A multidisciplinary consortium of European academic centres and companies has formed to develop a living model of the pancreas to enable better testing of diabetes medication.
The ENLIGHT project, which has been awarded €3.6m by the European Innovation Fund, is led by UMC Utrecht and consists of Ecole Polytechnique Federale de Lausanne (EPFL), ETH Zürich, the University of Naples Federico II, AstraZeneca, Rousselot Biomedical, Readily 3D and Fondazione Giannino Bassetti.
Readily3D’s newly-developed bioprinter will be used to shape the 3D-printed model, leveraging tomographic printing to produce centimetre-scale structures of the pancreas.
The prints will be done at UMC Utrecht and EPFL, two institutions that jointly pioneered the use of volumetric printing for biofabrication in 2019, using specialised stem cells developed by ETH Zürich and the University of Naples.
Darling Ingredients subsidiary Rousselot Biomedical will create an ultra-fast, visible light-induced, cross-linkable extracellular matrix (ECM) similar to hydrogel, mimicking the pancreas structure using X-Pure biomedical gelatin.
Rousselot scientific support manager Jos Olijve said: “The topo- and geometrical cues and composition provided by the ECM together with morphogens and biochemical signals are important determinants of cell fate in vitro and in vivo. With other words, the design and purity of the ECM-like structure is a crucial part of the ENLIGHT project.”
The ENLIGHT researchers initially want to use Readily3D’s bioprinter to reproduce human body parts, including living cells, at seed.
Where conventional 3D printers can take several hours to print centimetre-scale structures, volumetric bioprinters can do this within a minute. This is important because the survival rate of the cells decreases as printing takes longer.
Advantages of Bioprint Tissue
The use of tissue from a 3D bioprinter has a number of major advantages. When testing drugs, for example. These ‘personalized’ models could eliminate the need for animal testing, accelerate drug discovery for pharmaceutical industries, and reduce the burden on individual patients, as they would no longer have to experiment with different drugs until one works.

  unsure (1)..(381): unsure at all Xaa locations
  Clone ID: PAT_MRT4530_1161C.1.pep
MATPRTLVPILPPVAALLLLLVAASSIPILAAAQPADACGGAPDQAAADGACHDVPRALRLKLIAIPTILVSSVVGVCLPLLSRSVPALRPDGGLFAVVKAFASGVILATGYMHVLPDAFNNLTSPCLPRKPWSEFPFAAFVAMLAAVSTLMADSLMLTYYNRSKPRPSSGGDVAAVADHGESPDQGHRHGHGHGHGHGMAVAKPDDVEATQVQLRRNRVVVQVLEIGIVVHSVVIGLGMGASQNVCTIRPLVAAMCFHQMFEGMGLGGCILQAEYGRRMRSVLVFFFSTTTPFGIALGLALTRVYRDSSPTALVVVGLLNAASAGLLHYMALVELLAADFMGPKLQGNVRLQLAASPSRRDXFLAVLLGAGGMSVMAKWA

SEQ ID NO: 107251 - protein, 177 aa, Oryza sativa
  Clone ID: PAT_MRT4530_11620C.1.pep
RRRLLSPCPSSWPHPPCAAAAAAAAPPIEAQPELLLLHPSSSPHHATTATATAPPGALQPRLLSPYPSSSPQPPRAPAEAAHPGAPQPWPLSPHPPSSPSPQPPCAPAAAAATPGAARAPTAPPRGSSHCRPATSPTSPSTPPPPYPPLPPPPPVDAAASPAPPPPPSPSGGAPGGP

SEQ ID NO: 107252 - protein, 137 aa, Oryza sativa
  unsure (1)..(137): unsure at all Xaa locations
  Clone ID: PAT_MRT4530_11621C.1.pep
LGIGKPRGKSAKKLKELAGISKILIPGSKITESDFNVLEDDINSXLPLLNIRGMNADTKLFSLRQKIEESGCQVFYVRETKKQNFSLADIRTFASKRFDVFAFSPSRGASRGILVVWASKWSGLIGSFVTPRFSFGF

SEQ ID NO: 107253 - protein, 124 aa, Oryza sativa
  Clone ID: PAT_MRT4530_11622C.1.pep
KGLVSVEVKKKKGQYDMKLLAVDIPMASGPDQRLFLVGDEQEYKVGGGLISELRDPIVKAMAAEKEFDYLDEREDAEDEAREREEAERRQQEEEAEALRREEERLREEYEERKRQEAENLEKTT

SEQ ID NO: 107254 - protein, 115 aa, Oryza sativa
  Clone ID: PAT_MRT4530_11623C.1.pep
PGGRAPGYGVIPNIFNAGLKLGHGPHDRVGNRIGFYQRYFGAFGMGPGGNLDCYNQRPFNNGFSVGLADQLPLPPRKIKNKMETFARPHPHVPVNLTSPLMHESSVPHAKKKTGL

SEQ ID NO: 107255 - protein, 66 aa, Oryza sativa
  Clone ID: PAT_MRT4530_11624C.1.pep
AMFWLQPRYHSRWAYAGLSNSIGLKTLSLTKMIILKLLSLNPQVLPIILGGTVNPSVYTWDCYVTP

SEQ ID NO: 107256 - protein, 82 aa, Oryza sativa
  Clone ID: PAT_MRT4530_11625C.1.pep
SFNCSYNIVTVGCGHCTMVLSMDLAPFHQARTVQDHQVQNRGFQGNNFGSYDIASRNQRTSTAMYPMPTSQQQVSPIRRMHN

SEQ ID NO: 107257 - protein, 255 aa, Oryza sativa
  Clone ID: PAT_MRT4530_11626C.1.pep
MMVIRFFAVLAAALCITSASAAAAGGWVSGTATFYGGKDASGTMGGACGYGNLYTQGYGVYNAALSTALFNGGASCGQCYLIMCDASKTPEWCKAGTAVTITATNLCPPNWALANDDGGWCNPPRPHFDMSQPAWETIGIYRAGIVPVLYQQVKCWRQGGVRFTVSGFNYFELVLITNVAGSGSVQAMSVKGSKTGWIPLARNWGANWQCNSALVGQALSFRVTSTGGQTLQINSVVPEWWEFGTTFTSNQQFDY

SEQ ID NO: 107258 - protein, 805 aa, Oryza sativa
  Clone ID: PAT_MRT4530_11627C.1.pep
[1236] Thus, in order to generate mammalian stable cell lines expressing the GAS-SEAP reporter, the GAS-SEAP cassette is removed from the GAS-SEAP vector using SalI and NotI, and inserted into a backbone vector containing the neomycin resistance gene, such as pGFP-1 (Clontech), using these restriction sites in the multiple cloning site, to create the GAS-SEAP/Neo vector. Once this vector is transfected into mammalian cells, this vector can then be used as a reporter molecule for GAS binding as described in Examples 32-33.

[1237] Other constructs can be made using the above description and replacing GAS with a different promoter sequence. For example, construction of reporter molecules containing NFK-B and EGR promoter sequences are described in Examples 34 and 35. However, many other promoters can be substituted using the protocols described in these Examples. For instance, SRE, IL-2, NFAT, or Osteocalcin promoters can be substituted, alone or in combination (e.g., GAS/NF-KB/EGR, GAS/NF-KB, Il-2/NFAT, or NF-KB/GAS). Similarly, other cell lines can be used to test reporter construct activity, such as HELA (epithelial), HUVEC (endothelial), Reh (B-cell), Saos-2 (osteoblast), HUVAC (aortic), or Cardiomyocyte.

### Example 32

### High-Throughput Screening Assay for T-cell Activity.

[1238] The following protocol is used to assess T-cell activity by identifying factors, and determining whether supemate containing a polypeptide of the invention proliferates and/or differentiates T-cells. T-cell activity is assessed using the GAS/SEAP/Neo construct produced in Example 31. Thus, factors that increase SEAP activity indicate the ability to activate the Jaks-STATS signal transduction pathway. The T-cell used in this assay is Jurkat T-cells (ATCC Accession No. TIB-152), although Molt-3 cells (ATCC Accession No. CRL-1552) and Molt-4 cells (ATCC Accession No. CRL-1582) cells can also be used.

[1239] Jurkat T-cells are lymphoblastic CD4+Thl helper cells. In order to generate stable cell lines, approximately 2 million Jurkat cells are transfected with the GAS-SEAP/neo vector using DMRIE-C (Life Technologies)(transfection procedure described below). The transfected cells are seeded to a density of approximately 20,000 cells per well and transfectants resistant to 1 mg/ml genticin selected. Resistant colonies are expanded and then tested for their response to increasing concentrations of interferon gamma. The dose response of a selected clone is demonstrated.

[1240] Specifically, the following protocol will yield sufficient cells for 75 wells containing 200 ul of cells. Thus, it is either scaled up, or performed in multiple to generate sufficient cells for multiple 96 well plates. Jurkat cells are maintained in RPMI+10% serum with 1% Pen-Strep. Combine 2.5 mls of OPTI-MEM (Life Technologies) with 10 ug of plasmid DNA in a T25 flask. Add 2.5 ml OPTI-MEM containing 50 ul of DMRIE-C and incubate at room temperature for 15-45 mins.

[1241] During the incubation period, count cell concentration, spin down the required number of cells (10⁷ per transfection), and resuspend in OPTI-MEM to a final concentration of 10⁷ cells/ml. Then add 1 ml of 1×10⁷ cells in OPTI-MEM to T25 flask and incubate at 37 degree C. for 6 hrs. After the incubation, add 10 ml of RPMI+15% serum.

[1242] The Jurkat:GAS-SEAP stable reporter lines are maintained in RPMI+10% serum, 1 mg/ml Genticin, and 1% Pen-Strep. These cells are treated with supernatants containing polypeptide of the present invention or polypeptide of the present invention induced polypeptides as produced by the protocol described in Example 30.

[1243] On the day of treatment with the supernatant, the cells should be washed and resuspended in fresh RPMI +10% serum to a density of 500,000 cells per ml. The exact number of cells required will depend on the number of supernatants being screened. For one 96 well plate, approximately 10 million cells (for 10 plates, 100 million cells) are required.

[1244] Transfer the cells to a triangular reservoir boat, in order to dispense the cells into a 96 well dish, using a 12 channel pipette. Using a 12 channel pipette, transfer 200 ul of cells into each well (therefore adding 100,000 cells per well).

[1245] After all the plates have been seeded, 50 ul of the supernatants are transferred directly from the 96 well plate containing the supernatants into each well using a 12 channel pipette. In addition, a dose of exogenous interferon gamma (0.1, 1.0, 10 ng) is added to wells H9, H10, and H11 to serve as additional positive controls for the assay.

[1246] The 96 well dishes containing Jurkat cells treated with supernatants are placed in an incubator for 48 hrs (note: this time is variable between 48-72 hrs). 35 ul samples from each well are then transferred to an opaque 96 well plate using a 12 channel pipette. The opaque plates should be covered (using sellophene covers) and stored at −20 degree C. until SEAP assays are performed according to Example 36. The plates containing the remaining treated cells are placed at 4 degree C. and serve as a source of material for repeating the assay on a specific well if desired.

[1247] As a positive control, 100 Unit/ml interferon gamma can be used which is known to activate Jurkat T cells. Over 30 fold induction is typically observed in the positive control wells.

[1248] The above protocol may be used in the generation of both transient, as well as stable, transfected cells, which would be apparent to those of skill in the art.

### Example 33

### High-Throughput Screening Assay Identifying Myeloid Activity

This is not only important for diabetes patients, but can – if the model works – also be used for other diseases, such as cancer. Riccardo Levato, biofabrication researcher at the UMC Utrecht and coordinator of ENLIGHT: “With cells from a patient, practitioners can recreate the diseased tissue.
Subsequently, a laboratory test can be performed to determine which candidate medication has the greatest effect. This spares patients a long search with unpleasant side effects, saves on treatment costs, and leads to the best available care for individual patients.’’
Proof of Principle
The ENLIGHT project initially focuses on diabetes and will apply new bioprinting techniques to create pancreatic tissue. The pancreas plays a vital role in producing enzymes and hormones including insulin, but this can be insufficient in diabetic patients.
“Diabetes is a deliberate choice because of its social relevance. Besides asthma, it is the most common chronic disease in children. Despite the growing demand for care for patients with diabetes, the development of new drugs (besides insulin therapy) is lagging behind,” the ENLIGHT coordinator says.
“Once we make a living model of the pancreas, we have proof of principle and can progress to testing diabetes medication with it. This will prove the effectiveness of the new bioprinting technique which we can apply much more widely to potentially make all living models of all types of tissue.”
To make this possible in the future, the ENLIGHT researchers intend to achieve two breakthroughs; the first is a newly developed bioprinter, which can reproduce part of the human body, including living cells, at lightning speed.
Unlike a conventional 3D printer which takes an hour, this volumetric bioprinter produces results within a minute. This is important because the survival rate of the cells decreases rapidly over time, so printing at speed is essential.
Once the bioprinter has created a living 3D model of human tissue, the second step is to recreate functionality at the human organ level.
Riccardo Levato, coordinator of ENLIGHT: “If you want to fabricate pancreatic tissue, the 3D model has to look and function like a pancreas. We want to achieve this in the printing phase by adding signaling molecules, which tell the cells stimulated by the printer, how to behave.”
The project aims to create a living model of the pancreas, including hormonal functions, in just four years. In the longer term, the ENLIGHT project has the potential to create innovative solutions to address the shortage of donor organs for transplantation and regenerative medicine.